ON HELL. Mark 9.48. Where their worm dieth not, and the fire is not quenched

  • CHAP. I. Exposition of the text. The dreadful nature of future punishment
  • CHAP. II. The eternal duration of future punishment
  • CHAP. III. Practical inferences. The mercy of God in salvation. The depravity of sinners. The wages of sin. Our infinite obligations to Jesus Christ.

The Whole Works of the Rev. W. Bates, D.D. Arranged and Revised, With a Memoir of the Author, Copious Index and Table of Texts Illustrated.

Volume 4.



Sermon I. ON THE EXISTENCE OF GOD. Heb. 11. 6. But without faith it is impossible to please him: for he that cometh to God must believe that he is, and that he is a rewarder of them that diligently seek him.

Sermon II. III. SlN THE MOST FORMIDABLE EVIL. Gen. 39. 9. How can I do this great wickedness, and sin against God.

Sermon IV. HOW MEN ARE SAID TO BE THE SONS OF GOD. 1 John 5. 2. By this we know that we love the children of God, when we love God and keep his commandments.

Sermon V. VI. HOW TO BEAR AFFLICTIONS. Heb. 12. 5. My son despise not thou the chastening of the Lord; nor faint when thou art rebuked of him.

Sermon VII. VIII. IX. X. XI. THE MARRIAGE FEAST. Luke 14. 23. The Lord said to the servant, compel them to come in, that my house may be full.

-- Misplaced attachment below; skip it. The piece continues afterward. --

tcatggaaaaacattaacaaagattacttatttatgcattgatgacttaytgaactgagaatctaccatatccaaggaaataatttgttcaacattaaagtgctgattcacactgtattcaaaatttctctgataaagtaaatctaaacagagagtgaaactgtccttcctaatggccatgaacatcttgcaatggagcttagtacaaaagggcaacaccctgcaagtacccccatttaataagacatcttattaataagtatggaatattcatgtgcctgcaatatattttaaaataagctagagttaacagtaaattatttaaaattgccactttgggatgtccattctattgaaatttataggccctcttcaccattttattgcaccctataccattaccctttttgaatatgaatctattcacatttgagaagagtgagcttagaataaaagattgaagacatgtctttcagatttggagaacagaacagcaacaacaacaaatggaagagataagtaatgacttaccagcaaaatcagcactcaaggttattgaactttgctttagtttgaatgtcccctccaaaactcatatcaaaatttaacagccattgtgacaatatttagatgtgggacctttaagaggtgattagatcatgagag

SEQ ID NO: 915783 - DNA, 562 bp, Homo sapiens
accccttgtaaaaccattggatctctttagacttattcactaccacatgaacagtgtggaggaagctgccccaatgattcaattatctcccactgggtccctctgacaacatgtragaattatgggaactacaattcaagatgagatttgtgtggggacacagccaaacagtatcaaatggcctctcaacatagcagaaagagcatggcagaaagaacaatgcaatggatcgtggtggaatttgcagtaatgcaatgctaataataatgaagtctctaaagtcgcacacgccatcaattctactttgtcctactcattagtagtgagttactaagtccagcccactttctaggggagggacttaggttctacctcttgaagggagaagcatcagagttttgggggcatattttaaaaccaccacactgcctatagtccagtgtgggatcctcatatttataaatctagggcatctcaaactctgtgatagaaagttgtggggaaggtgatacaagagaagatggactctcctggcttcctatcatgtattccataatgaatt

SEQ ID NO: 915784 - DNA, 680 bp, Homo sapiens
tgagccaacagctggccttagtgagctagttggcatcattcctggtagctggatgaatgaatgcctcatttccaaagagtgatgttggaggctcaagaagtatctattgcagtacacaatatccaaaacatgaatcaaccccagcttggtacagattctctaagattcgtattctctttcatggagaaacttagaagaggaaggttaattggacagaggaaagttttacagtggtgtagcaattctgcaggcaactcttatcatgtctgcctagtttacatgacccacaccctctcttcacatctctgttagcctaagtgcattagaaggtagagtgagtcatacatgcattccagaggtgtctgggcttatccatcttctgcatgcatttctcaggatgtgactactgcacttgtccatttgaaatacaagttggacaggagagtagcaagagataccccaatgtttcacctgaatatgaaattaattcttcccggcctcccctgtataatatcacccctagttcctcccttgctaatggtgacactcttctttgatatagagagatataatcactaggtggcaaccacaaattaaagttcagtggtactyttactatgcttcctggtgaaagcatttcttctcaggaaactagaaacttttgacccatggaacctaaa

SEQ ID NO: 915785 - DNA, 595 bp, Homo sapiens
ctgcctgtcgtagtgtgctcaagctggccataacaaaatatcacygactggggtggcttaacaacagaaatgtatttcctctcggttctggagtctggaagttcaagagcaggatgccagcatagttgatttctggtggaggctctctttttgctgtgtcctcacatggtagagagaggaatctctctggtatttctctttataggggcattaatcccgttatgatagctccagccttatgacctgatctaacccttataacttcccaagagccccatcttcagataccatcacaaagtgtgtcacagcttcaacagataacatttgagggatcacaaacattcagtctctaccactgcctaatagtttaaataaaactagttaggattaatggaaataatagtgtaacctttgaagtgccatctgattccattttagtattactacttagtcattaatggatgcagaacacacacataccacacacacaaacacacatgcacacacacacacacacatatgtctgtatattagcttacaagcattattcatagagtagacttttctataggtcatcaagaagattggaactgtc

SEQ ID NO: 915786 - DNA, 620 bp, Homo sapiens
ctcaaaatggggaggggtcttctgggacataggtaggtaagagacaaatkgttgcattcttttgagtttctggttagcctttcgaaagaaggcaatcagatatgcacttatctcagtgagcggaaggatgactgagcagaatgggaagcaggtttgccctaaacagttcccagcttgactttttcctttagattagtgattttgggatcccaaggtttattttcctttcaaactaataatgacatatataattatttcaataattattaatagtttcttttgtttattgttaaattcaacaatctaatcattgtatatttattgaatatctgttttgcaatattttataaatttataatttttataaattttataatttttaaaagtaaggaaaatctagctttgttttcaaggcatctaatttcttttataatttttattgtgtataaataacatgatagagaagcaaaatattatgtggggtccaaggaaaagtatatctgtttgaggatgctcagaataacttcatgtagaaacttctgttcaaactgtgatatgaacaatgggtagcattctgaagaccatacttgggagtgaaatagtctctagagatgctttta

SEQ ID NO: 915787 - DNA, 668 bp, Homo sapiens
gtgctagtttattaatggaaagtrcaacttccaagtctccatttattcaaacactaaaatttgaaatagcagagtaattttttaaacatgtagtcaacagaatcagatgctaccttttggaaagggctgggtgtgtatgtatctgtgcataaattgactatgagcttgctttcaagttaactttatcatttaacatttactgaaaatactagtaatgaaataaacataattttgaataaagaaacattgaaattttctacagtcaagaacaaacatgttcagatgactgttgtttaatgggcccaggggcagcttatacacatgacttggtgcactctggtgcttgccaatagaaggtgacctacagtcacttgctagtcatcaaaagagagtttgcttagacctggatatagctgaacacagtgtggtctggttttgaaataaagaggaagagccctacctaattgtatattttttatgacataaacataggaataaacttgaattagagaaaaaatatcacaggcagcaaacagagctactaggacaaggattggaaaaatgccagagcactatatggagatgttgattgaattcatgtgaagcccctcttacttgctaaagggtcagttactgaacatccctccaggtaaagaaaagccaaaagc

A SERMON ON THE DEATH OF QUEEN MARY. Psalm 102. 26, 27. They shall perish, but thou shalt endure; yea, all of them shall wax old like a garment; as a vesture shalt thou change them, and they shall be changed: but thou art the same, and thy years shall have no end. The address of condolence to his majesty, by the dissenting ministers,

A SERMON PREACHED AT THE FUNERAL OF DR. THOMAS MANTON, 1 Thess. 4. 17. And so shall we ever be with the Lord.

A SERMON PREACHED AT THE FUNERAL OF DR. THOMAS JACOMB, Dedication to the Countess of Exeter. John 12. 26. If any man serve me, let him follow me; and where I am, there shall my servant be: if any man serve me, him will my Father honour.

A SERMON ON THE DEATH OK MR. RICHARD BAXTER, Dedication to Sir Henry Ashurst. Luke 23. 46. And when Jesus had cried with a loud voice, he said, Father, into thy hands I commend my spirit.

A SERMON ON THE DEATH OF MR. DAVID CLARKSON, The preface. John 14. 2. In my Father's house are many mansions; if it were not so, I would have told you. I go to prepare a place for you.

A SERMON ON THE DEATH OF MR. BENJAMIN ASHURST, Dedication to Henry Ashurst Esq. Rev. 22. 12. And, behold, I come quickly; and my rewvrd is with me, to give every man according as his work shall be.

A FUNERAL SERMON ON THE DEATH OF DR. WILLIAM BATES, BY JOHN HOWE, Dedication to the Duke of Bedford. John 11. 16. Then said Thomas, which, is called Didymus, unto his fellow-disciples, let us also go, that we may die with him.